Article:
"When you read about HAIM, there’s almost never an article that doesn’t reference the fact that they’re women. Having seen them live and played festivals with them, they’re a great live band. So it seems a shame that that’s focused on, but I believe it can also be focused on in a positive way, trying to bring more diversity to the music industry. Because it can be kind of a sexist place, but certainly in magazines and media coverage."
Photo by Marco van Rijt
LITTLE DRAGON | Band
"There are a lot of bands I wish you would hear on the radio. The major radio stations just sound like playlists made by robots. Radio is so foreign to me, but from my view, it might as well be the mafia."
Photo by Marcus Haney
ALT-J | Music Trio
“We know we’re not just making music for ourselves anymore. Once you make an album or write a book or whatever it may be, you no longer have the final say on what it means. It’s open to interpretation. It doesn’t just belong to you now.”
Photo by Rachel Epstein
PORTER ROBINSON | Producer, Musician
“I’m not as interested in EDM as I used to be because the genre has gotten pretty homogenized ... You need to have a build-up and a warning and a drop. And I think that ultimately if you are trying to make really expressive music, you have to cut corners and make compromises in that genre. I found that was limiting and keeping me from saying what I wanted to say with my music. So I decided I’m not making music for DJs anymore, I’m going to make music for listening.”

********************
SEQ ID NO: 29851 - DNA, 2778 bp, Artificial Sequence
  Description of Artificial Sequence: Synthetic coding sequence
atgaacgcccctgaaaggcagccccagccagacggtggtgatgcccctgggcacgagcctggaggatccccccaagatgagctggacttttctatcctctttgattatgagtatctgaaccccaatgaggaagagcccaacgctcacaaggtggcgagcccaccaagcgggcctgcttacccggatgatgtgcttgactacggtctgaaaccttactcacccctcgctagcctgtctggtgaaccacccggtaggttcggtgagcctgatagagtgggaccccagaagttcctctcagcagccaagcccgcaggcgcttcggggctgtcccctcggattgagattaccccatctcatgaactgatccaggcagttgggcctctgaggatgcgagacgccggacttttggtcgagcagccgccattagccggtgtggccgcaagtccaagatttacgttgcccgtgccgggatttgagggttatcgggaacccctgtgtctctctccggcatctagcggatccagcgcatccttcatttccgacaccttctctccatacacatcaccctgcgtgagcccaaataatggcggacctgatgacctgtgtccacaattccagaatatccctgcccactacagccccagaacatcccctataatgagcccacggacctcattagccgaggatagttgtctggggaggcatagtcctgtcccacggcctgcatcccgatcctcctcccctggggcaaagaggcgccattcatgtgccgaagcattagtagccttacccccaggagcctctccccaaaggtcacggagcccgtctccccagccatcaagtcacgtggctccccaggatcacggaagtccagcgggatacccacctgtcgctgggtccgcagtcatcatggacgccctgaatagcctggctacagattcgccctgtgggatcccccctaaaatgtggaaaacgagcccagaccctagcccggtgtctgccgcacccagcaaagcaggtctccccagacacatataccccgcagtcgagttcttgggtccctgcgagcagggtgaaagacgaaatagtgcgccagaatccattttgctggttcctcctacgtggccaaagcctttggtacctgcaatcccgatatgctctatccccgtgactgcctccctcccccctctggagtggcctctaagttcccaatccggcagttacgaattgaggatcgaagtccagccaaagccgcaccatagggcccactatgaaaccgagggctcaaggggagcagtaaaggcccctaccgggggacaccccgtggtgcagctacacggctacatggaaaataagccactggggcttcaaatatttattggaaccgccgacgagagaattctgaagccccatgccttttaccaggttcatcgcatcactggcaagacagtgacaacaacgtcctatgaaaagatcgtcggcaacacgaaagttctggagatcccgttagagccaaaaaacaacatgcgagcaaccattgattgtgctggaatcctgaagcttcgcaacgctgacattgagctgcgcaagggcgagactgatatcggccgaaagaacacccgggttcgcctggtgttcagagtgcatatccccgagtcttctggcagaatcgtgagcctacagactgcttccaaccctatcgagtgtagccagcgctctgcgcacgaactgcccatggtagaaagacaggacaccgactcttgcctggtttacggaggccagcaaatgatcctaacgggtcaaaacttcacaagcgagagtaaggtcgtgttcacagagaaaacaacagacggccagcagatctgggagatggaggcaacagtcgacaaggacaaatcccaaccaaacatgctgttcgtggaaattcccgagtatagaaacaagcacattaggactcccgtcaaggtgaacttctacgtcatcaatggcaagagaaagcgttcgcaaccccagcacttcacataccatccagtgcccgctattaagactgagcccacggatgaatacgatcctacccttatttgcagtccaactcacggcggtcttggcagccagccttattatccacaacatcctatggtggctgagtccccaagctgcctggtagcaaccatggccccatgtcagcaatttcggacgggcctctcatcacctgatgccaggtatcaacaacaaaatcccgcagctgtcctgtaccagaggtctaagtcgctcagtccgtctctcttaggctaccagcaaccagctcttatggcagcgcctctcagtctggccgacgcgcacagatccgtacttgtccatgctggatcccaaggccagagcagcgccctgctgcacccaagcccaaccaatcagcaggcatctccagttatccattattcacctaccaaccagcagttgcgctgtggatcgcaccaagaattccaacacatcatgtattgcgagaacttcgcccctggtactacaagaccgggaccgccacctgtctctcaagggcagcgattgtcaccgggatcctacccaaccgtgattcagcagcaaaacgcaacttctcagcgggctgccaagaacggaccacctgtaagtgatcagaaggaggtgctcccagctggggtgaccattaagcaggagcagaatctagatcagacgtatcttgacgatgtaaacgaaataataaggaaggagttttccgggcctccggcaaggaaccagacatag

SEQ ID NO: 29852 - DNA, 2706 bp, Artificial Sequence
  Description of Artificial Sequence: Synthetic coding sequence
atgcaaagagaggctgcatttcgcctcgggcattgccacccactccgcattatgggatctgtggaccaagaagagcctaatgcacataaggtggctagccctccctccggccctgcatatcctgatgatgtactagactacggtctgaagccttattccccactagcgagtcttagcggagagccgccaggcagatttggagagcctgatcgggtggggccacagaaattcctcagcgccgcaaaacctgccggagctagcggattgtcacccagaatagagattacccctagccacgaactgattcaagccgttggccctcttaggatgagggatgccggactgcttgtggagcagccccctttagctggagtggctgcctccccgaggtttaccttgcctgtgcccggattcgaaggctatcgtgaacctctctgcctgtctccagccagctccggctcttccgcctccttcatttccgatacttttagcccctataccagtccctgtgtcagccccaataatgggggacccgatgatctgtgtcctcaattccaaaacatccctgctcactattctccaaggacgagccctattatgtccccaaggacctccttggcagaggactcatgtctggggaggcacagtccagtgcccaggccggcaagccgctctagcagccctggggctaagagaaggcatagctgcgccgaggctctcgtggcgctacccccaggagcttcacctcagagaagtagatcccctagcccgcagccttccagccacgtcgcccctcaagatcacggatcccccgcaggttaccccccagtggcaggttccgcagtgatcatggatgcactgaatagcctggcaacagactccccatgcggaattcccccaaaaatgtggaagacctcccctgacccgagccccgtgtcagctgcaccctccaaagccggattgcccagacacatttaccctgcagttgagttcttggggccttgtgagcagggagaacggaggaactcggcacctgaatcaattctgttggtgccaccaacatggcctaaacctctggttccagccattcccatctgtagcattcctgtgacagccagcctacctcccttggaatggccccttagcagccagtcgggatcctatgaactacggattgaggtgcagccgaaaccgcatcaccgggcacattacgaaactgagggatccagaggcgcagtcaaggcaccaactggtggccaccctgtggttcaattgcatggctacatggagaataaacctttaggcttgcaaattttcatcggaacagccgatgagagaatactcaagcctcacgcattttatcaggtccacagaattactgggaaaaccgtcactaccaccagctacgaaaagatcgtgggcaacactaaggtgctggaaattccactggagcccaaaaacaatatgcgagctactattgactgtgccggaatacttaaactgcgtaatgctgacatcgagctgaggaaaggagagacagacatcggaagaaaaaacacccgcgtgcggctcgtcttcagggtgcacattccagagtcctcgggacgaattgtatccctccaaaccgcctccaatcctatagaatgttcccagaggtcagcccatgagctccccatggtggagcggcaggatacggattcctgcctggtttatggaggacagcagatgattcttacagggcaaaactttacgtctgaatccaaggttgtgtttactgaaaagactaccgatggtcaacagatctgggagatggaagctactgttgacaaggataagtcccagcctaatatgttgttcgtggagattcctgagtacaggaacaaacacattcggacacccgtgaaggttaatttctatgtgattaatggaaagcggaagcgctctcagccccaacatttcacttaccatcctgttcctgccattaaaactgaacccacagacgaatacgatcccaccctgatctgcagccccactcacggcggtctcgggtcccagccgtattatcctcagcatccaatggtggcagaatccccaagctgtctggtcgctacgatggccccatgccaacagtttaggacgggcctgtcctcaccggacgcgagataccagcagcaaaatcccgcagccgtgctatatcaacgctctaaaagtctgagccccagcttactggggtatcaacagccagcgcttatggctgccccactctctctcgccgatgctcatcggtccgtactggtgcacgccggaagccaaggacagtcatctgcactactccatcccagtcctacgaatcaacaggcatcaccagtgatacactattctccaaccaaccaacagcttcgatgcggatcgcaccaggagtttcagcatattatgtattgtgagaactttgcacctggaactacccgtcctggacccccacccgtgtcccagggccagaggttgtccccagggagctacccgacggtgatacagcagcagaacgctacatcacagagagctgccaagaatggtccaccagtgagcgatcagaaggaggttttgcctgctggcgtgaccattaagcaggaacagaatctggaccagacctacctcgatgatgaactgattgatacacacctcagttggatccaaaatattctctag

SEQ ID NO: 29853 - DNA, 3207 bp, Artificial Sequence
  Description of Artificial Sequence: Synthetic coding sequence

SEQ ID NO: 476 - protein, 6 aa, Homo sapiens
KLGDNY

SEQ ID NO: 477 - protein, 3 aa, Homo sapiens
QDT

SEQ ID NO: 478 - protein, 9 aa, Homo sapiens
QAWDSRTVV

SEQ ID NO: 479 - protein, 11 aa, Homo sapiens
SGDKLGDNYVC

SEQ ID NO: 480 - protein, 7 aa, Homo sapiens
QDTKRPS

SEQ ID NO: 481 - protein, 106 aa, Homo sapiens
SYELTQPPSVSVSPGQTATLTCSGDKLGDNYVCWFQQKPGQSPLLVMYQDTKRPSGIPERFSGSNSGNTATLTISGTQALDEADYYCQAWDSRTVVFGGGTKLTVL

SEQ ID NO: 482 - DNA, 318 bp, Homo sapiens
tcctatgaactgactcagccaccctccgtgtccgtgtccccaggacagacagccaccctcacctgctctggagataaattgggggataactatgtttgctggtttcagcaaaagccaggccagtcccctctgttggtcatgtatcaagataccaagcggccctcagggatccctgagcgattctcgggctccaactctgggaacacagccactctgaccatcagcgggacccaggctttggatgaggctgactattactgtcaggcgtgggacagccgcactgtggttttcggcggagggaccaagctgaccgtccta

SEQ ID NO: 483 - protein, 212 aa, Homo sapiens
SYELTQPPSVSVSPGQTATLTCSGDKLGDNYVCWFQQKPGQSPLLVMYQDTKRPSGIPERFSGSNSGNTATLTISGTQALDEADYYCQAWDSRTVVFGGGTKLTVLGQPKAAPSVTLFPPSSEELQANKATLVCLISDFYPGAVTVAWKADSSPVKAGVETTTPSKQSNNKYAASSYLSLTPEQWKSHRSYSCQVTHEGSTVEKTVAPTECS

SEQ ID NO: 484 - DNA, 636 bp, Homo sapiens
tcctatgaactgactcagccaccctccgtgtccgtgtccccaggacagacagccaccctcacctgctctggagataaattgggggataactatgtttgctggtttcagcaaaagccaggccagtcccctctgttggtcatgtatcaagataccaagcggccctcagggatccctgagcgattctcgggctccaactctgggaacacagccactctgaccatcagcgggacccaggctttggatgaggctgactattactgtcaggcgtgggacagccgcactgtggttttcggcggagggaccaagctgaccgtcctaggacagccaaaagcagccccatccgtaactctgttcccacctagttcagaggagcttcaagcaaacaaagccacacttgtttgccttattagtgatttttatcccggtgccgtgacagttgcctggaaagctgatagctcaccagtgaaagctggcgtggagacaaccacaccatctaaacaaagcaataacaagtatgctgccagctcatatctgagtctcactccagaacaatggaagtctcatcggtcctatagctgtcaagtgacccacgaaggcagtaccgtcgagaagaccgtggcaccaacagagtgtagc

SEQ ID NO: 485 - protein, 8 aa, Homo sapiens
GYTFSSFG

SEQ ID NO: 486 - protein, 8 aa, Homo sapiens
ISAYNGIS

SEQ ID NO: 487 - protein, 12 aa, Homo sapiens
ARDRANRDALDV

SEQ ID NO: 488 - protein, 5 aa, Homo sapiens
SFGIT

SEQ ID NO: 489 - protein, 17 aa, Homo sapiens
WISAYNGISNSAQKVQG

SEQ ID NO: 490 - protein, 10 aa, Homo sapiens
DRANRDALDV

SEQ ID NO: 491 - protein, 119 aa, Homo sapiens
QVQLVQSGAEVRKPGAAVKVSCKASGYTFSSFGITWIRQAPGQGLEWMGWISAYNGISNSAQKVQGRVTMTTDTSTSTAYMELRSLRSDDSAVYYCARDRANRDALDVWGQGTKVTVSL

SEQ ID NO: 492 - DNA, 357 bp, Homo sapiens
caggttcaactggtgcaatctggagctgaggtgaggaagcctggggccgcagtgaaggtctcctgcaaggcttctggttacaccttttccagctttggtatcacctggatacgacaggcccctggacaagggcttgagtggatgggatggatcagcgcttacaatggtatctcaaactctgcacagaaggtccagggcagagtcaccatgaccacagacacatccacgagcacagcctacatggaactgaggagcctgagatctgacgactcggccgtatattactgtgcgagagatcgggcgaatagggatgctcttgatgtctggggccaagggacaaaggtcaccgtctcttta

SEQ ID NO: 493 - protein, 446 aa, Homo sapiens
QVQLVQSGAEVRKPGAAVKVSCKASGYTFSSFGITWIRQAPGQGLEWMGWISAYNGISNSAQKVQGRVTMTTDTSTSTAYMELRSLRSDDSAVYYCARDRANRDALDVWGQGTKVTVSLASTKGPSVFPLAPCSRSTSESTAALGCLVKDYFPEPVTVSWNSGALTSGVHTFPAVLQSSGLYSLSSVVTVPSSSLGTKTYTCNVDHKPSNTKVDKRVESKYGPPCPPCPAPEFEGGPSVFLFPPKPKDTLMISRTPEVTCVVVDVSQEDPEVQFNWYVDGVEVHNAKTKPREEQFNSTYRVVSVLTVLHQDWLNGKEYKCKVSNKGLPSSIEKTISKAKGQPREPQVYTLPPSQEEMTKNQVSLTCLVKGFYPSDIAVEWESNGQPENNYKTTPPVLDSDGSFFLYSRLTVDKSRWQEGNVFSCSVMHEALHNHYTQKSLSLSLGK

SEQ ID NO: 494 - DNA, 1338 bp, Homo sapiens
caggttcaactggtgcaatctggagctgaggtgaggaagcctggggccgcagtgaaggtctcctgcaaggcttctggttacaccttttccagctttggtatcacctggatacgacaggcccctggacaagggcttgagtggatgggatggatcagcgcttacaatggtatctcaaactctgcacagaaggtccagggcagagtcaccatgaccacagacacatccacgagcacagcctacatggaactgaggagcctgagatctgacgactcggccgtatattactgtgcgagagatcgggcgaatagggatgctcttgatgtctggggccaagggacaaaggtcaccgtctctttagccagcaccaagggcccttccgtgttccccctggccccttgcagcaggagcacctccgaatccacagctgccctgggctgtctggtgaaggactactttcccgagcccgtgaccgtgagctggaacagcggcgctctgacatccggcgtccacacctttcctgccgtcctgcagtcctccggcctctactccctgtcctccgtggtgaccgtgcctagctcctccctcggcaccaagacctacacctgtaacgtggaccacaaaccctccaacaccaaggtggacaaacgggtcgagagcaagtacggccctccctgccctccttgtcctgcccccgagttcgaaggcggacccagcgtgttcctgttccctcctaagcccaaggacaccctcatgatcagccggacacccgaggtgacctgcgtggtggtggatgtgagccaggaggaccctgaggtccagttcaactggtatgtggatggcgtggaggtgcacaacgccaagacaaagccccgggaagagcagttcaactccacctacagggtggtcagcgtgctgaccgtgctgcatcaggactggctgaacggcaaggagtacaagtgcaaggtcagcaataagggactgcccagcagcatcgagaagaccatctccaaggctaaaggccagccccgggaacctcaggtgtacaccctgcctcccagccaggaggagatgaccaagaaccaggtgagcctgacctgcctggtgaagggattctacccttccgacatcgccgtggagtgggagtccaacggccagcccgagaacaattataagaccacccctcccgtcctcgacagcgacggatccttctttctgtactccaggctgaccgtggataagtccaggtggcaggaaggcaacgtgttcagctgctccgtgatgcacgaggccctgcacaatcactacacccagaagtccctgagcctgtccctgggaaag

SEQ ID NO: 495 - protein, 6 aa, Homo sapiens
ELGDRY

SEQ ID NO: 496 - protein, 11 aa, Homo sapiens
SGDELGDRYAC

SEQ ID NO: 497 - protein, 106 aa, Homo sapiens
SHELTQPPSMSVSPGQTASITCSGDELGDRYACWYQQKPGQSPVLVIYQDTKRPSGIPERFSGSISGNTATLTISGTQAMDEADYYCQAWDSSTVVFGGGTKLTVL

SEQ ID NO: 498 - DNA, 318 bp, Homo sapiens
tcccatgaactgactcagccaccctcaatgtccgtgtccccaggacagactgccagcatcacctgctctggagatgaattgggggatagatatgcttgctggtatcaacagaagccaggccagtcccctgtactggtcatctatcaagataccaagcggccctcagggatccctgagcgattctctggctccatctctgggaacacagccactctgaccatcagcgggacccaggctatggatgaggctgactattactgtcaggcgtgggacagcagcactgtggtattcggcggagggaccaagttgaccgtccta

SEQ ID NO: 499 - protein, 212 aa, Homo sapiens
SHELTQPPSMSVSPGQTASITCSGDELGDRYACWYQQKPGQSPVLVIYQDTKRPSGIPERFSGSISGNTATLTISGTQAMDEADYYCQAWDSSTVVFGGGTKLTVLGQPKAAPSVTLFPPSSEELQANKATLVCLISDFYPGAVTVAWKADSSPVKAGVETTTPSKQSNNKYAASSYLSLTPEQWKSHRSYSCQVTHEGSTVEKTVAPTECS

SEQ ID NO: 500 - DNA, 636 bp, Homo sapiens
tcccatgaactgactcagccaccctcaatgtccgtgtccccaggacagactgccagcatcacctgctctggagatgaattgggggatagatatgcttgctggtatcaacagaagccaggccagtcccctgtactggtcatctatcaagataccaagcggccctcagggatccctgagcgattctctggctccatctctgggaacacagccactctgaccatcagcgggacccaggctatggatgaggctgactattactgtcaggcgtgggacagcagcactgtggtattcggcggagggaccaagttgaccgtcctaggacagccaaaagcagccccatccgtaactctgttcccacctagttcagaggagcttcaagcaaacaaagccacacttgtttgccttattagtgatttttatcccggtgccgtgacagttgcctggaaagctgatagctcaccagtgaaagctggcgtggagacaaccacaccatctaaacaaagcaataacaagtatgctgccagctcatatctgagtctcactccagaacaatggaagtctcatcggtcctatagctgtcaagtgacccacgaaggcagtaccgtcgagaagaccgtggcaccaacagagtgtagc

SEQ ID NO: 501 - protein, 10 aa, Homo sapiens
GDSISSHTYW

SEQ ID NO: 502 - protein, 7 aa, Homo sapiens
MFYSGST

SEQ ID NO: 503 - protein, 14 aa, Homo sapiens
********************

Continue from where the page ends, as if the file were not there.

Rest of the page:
Photo by Byron Cohen
CHRIS GEERE | Actor
"As an actor who has to do these scenes, sometimes it’s uncomfortable having certain parts of your body being exposed. But it’s part of the character. I’m just grateful I’m not on one of those CW network vampire programs where everyone is perfect with sculpted bodies ... Once upon a time, sex scenes had to be sexy and choreographed. We convey these moments in a real way. I mean, masturbation isn’t necessarily pretty. Drunk sex isn’t romantic.”
Photo by Eliot Lee Hazel
SIR SLY | Music Trio
“[These] songs aren’t really for people to have a good time but songs that tell important stories. They convey things that I needed to get out. It’s kind of like journaling for me. Since I was 14, it’s the way I process everything. So I hope people find common threads, and maybe my stories might sound like their own.”
Photo by Shane McCauley
DILLON FRANCIS | Music Producer, DJ
"You have to keep things fun and interesting and not get stuck, or everything gets oversaturated and eventually everyone is like, ‘This sucks, man!’ And they move on to the next thing or, I don’t know, they’ll start listening to rock music again. But that’s gonna happen regardless, because everything goes up and down."